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    Posted 4/6/14
    No more than you should be worried about this when making a starter. What you have is a large amount of healthy yeast which will counter any dead yeast which as has been mentioned will provide nutrient. Obviously if the yeast cake had been poorly managed and left at a temp that would encourage growth then autolysis could be a problem.
    In your situation of starting with a small batch then using it for a larger batch is ideal.
    Another thing to consider when doing this is the type of yeast your doing it with, the OG of the brew ie using a smaller alc brew to build the yeast for a stronger alc second brew.
    You could also look up wolfies yeast cleaning thread if you want the ideal method of yeast collection.

    Cheers
     
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  10. Nizmoose

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    Posted 4/6/14
    Thanks very helpful :) I'll definitely have a look at that thread as I'd like to know as much as possible before I do it!
     
  11. Yob

    Hop to it

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    Posted 4/6/14
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  12. Lincoln2

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    Posted 5/6/14
    Dear Nizmoose, I'm genuinely sorry my comments caused you to feel upset. When I stated "no offense" it was literal. It was an attempt at light-heartedness that obviously fell flat. I was reading the thread because it sounded interesting. I partially blame the Hook Nortons I had consumed before posting. Best of luck with your yeast management.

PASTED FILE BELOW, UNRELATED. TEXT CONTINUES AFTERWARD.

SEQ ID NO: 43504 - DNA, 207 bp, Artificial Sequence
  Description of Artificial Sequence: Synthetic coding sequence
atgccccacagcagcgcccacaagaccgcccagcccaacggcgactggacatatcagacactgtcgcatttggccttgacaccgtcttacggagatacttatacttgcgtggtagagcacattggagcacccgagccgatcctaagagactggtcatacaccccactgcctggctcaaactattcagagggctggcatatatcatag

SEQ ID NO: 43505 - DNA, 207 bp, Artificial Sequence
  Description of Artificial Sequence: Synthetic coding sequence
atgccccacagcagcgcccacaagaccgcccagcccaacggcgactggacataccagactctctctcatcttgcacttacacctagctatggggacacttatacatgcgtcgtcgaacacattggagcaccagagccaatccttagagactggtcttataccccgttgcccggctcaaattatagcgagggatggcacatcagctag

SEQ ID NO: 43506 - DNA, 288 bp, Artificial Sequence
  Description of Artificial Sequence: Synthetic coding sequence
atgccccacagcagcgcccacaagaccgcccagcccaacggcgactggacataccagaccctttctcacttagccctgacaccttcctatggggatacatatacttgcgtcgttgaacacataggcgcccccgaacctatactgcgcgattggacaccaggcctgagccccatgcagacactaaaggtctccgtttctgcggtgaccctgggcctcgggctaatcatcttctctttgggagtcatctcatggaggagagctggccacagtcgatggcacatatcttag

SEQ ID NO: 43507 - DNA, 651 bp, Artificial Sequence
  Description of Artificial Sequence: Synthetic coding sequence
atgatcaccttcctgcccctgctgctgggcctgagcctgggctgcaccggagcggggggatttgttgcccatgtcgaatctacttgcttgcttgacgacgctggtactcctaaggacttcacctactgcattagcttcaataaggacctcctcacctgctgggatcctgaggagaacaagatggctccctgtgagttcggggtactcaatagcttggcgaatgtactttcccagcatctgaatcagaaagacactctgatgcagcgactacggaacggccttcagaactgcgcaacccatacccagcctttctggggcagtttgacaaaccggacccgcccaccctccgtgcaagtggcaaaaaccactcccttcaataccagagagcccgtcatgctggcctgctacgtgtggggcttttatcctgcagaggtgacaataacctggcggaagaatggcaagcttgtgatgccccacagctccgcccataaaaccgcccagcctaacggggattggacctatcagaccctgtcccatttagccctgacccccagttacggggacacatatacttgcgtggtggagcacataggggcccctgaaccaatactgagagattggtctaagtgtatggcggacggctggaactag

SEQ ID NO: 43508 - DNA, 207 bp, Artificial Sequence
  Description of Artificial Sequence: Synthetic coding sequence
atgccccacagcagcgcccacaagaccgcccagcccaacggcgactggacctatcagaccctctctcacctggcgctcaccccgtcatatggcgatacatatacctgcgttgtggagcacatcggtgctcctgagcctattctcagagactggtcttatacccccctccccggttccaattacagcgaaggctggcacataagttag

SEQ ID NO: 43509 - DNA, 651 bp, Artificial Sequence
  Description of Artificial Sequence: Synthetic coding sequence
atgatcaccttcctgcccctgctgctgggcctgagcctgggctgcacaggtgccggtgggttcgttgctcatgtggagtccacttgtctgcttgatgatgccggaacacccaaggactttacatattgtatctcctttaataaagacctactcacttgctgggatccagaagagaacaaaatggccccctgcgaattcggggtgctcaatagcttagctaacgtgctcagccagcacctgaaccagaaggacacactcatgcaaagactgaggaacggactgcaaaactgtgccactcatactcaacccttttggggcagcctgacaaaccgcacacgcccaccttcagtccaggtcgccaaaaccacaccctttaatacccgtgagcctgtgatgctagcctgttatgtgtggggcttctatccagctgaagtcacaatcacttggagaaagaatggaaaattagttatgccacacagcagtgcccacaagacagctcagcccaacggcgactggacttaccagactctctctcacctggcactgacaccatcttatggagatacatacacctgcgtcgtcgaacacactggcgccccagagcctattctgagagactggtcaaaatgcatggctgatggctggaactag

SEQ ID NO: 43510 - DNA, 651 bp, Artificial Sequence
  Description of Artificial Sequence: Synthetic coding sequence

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  13. mosto

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    Posted 5/6/14
    Harvesting yeast, like most things when you start brewing, sounds a lot more daunting than it is. It's literally sanitizing a jar, swirling the yeast cake to mix it up with the little bit of remaining beer and pouring some of that slurry into the jar. Put the jar in the fridge until you're ready to brew again. Google the Mr Malty calculator to give you an idea of how much of that slurry you need to pitch. I don't rinse the yeast at present, but I'm going to start giving that a go as well soon. I'd also look into making starters. Again, it sounds harder than it is and there's something about growing the yeast that's just cool. I enjoy making starters as much as I enjoy the actual brewing.
     
  14. rehabs_for_quitters